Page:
As food, humanitarian and water supplies continue to be cut off
SAM warns of unprecedented humanitarian catastrophe in Gaza Strip
  • 08/11/2023
    SAM |

    Geneva - Sam Organization for Rights and Liberties stated that the Israeli occupation authorities are carrying out a policy of genocide against the population of Gaza by imposing a blockade and starving civilians, with the aim of completely destroying the population without distinction between young and old, child and woman. This has led to catastrophic living conditions in the region, as part of their ongoing war for the fifth consecutive week, to subjugate civilians and exert pressure on them.

    The organization stated in a statement issued today, Wednesday, that in conjunction with the 33rd day of the war on Gaza, Israel's policy of starvation towards the region has taken extremely dangerous dimensions. This includes cutting off all food supplies and bombing and destroying bakeries, factories, food stores, as well as water stations and reservoirs.

    "SAM" has observed that Israel has deliberately focused its attacks on targeting power generators and solar power units in the past 48 hours. These facilities are relied upon by commercial establishments, restaurants, and civilian institutions to maintain the minimum level of functionality.

    Israeli aircraft also destroyed the agricultural area in eastern Gaza, flour warehouses, fishermen's boats, as well as supply centers for humanitarian organizations, particularly the United Nations Relief and Works Agency for Palestine Refugees (UNRWA), which is the largest source of humanitarian aid in the region.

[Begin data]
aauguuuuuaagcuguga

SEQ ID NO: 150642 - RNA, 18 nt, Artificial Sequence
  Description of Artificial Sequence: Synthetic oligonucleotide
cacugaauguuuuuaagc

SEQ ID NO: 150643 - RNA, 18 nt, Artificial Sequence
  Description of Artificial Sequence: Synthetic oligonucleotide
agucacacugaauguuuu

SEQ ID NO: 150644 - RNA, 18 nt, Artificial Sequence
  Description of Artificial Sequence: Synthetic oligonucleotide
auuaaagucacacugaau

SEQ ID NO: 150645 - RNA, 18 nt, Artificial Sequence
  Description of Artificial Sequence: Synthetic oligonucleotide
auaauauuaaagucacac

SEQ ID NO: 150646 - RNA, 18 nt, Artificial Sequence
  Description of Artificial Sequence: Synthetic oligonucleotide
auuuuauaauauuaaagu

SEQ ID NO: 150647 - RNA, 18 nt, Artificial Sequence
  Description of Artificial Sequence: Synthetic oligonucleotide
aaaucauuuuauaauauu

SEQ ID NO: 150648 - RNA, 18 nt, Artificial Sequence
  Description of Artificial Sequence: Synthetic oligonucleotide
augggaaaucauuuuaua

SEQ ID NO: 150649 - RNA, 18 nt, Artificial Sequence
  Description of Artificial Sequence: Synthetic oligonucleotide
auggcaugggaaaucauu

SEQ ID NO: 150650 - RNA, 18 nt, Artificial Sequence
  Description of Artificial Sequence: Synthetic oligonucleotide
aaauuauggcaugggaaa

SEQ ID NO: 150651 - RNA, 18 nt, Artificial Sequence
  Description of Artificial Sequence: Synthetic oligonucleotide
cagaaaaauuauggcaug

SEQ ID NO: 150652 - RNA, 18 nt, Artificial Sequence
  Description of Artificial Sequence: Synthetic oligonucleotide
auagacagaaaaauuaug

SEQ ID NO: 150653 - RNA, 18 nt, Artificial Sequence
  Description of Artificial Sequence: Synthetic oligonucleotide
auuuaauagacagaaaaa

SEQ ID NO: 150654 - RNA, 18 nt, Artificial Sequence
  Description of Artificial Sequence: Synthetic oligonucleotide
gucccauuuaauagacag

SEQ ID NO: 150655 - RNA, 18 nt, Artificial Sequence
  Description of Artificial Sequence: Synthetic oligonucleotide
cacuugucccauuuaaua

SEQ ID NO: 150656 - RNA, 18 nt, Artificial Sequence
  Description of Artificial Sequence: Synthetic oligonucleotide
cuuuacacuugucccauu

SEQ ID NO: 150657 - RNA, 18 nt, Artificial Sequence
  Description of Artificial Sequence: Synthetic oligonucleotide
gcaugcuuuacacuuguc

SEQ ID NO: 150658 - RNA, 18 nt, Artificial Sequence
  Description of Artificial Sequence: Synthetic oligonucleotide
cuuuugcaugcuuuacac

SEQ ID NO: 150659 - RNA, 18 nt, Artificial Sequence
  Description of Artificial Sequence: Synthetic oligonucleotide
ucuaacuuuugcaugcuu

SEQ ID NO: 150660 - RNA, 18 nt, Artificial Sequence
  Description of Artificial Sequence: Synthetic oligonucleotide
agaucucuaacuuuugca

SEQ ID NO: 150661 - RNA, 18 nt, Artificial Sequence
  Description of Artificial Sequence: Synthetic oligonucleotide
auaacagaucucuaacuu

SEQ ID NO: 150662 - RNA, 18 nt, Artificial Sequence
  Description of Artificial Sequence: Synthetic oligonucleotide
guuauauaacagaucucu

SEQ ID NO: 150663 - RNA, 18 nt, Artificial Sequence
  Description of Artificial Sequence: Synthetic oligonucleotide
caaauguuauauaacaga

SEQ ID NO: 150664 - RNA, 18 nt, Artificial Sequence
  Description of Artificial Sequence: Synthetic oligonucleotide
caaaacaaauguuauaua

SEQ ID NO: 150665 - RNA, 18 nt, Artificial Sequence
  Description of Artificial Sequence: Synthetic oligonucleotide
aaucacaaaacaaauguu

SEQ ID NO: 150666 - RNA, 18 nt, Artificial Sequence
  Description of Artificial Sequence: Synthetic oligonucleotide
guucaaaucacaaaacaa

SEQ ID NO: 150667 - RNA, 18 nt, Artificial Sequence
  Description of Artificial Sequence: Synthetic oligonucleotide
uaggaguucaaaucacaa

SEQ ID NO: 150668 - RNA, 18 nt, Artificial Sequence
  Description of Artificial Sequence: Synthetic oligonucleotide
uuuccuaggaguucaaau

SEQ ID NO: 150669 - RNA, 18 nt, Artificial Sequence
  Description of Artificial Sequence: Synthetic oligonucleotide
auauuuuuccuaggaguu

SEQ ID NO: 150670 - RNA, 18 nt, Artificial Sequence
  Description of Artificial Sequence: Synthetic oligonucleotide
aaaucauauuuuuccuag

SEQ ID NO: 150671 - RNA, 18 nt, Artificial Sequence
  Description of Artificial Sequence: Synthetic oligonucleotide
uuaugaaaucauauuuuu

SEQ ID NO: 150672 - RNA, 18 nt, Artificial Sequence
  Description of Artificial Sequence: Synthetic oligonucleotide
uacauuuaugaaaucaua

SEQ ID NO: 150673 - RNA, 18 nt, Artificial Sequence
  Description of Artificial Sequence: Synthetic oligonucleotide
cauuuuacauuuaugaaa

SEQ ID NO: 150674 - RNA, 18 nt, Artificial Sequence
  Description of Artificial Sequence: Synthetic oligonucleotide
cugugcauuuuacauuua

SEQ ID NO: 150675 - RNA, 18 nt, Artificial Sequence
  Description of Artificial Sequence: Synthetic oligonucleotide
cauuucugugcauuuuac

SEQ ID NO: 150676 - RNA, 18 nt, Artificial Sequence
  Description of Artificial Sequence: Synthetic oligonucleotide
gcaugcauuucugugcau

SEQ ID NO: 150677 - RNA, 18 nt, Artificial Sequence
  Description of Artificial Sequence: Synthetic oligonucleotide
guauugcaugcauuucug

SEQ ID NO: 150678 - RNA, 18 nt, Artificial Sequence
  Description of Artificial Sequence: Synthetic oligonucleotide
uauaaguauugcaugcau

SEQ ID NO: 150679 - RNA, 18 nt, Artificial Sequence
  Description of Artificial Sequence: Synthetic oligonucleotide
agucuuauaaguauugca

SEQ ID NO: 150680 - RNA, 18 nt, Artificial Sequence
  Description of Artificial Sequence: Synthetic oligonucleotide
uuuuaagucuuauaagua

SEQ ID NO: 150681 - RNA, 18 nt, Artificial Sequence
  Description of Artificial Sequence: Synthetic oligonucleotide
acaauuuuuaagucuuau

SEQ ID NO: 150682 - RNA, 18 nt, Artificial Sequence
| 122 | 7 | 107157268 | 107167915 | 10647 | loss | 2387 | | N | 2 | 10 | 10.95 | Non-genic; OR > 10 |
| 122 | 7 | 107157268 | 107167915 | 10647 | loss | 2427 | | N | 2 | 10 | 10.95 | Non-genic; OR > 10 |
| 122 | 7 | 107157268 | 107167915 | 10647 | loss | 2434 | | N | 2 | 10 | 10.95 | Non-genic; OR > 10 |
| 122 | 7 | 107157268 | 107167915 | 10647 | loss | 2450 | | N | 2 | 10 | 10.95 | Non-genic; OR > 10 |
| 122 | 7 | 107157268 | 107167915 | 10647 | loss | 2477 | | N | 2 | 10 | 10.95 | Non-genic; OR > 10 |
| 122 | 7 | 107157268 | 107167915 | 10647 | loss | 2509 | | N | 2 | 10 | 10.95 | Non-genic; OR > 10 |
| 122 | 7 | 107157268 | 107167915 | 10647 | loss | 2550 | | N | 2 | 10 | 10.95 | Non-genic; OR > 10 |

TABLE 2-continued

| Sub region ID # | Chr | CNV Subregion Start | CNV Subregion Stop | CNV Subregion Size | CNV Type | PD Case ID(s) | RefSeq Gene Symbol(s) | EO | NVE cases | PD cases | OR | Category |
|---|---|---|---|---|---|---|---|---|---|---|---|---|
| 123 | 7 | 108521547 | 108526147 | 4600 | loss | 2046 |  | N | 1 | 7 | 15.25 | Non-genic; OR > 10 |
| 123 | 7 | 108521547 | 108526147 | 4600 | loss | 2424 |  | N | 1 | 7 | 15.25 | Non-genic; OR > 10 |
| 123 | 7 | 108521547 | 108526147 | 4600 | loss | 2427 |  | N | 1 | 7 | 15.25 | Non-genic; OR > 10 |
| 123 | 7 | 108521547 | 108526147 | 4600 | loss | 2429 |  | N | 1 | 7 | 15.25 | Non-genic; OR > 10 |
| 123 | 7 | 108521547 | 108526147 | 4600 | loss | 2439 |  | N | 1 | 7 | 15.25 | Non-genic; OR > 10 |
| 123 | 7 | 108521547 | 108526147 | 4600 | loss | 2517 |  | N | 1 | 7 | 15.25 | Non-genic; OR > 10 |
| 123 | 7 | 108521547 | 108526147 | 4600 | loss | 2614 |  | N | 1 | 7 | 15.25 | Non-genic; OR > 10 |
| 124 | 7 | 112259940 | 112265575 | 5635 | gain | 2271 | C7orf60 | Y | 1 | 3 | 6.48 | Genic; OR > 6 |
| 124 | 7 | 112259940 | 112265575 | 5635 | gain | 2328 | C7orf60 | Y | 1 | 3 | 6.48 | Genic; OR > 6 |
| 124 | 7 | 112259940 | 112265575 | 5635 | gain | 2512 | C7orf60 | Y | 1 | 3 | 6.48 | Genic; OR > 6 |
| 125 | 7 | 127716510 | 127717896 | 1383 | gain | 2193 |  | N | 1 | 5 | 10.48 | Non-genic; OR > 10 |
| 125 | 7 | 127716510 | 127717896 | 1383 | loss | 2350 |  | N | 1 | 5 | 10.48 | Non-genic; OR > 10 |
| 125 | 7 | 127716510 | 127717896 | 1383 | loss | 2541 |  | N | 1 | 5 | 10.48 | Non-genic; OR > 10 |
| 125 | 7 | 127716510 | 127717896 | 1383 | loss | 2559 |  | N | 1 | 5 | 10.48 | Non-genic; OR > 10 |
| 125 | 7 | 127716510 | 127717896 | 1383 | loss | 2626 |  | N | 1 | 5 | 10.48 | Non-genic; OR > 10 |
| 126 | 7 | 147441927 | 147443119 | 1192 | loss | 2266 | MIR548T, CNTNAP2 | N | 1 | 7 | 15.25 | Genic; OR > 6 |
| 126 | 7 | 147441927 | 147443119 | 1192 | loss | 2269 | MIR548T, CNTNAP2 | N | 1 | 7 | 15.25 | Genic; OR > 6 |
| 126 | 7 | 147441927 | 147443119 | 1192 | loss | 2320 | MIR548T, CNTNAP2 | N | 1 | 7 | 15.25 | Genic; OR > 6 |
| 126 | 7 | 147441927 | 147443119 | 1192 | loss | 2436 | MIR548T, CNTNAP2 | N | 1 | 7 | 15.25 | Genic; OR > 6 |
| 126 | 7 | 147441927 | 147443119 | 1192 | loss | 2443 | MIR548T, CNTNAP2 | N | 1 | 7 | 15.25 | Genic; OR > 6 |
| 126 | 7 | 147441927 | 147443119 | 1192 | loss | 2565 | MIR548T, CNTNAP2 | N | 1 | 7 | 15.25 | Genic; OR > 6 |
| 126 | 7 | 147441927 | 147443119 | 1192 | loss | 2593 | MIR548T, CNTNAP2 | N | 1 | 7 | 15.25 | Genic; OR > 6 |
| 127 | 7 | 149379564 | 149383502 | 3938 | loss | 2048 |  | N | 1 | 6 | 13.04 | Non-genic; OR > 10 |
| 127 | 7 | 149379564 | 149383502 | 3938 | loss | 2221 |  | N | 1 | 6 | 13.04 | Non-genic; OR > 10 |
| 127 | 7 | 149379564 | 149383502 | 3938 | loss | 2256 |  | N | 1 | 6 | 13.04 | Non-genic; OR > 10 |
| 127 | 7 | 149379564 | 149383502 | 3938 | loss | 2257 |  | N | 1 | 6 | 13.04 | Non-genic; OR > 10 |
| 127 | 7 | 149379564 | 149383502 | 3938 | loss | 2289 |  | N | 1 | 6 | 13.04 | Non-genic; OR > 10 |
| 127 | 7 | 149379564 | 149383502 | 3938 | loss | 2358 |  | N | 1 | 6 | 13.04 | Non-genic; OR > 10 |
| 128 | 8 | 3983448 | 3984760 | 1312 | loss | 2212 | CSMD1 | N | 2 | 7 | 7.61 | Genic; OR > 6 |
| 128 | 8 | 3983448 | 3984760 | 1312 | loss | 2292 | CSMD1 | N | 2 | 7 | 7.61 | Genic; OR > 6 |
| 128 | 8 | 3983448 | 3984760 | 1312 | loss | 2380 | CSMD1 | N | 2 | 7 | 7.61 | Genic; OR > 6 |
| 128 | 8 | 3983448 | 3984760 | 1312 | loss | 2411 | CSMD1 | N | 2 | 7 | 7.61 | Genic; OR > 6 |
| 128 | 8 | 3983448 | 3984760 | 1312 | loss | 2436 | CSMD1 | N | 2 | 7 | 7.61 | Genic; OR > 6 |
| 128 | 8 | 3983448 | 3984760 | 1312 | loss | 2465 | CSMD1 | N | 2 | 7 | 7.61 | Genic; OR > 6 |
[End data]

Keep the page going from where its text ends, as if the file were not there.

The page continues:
The organization also noted that, according to estimates from the World Food Programme, the current stocks of essential food items will be sufficient for a maximum of four days before they are completely depleted. Meanwhile, trade has come to a complete standstill due to widespread destruction, lack of security, and fuel shortages.

    Despite the overwhelming amount of aid waiting at the Rafah crossing from the Egyptian side to enter the Gaza Strip, only about 2% of the aid and food supplies have been allowed by Israel to enter the Gaza Strip. Israel has been disregarding calls from international organizations to allow the entry of food, water, fuel, and other essential necessities without restrictions.

    The Gaza Strip is surrounded by eight crossings, six of which connect the Strip to the territories occupied in 1948 and are controlled by Israeli authorities. Four of these crossings are completely closed, while two crossings, Beit Hanoun and Kerem Shalom, are intermittently open. Egypt, along with other parties, controls two other crossings, namely Rafah and Salah al-Din Gate. The four open crossings, even if not permanently, serve as the only gateways for the movement of goods and people between the Gaza Strip and the outside world. Two of them, Beit Hanoun and Rafah, are primarily designated for the movement of individuals, while the other two, Kerem Shalom and Salah al-Din Gate, are designated for commercial activities.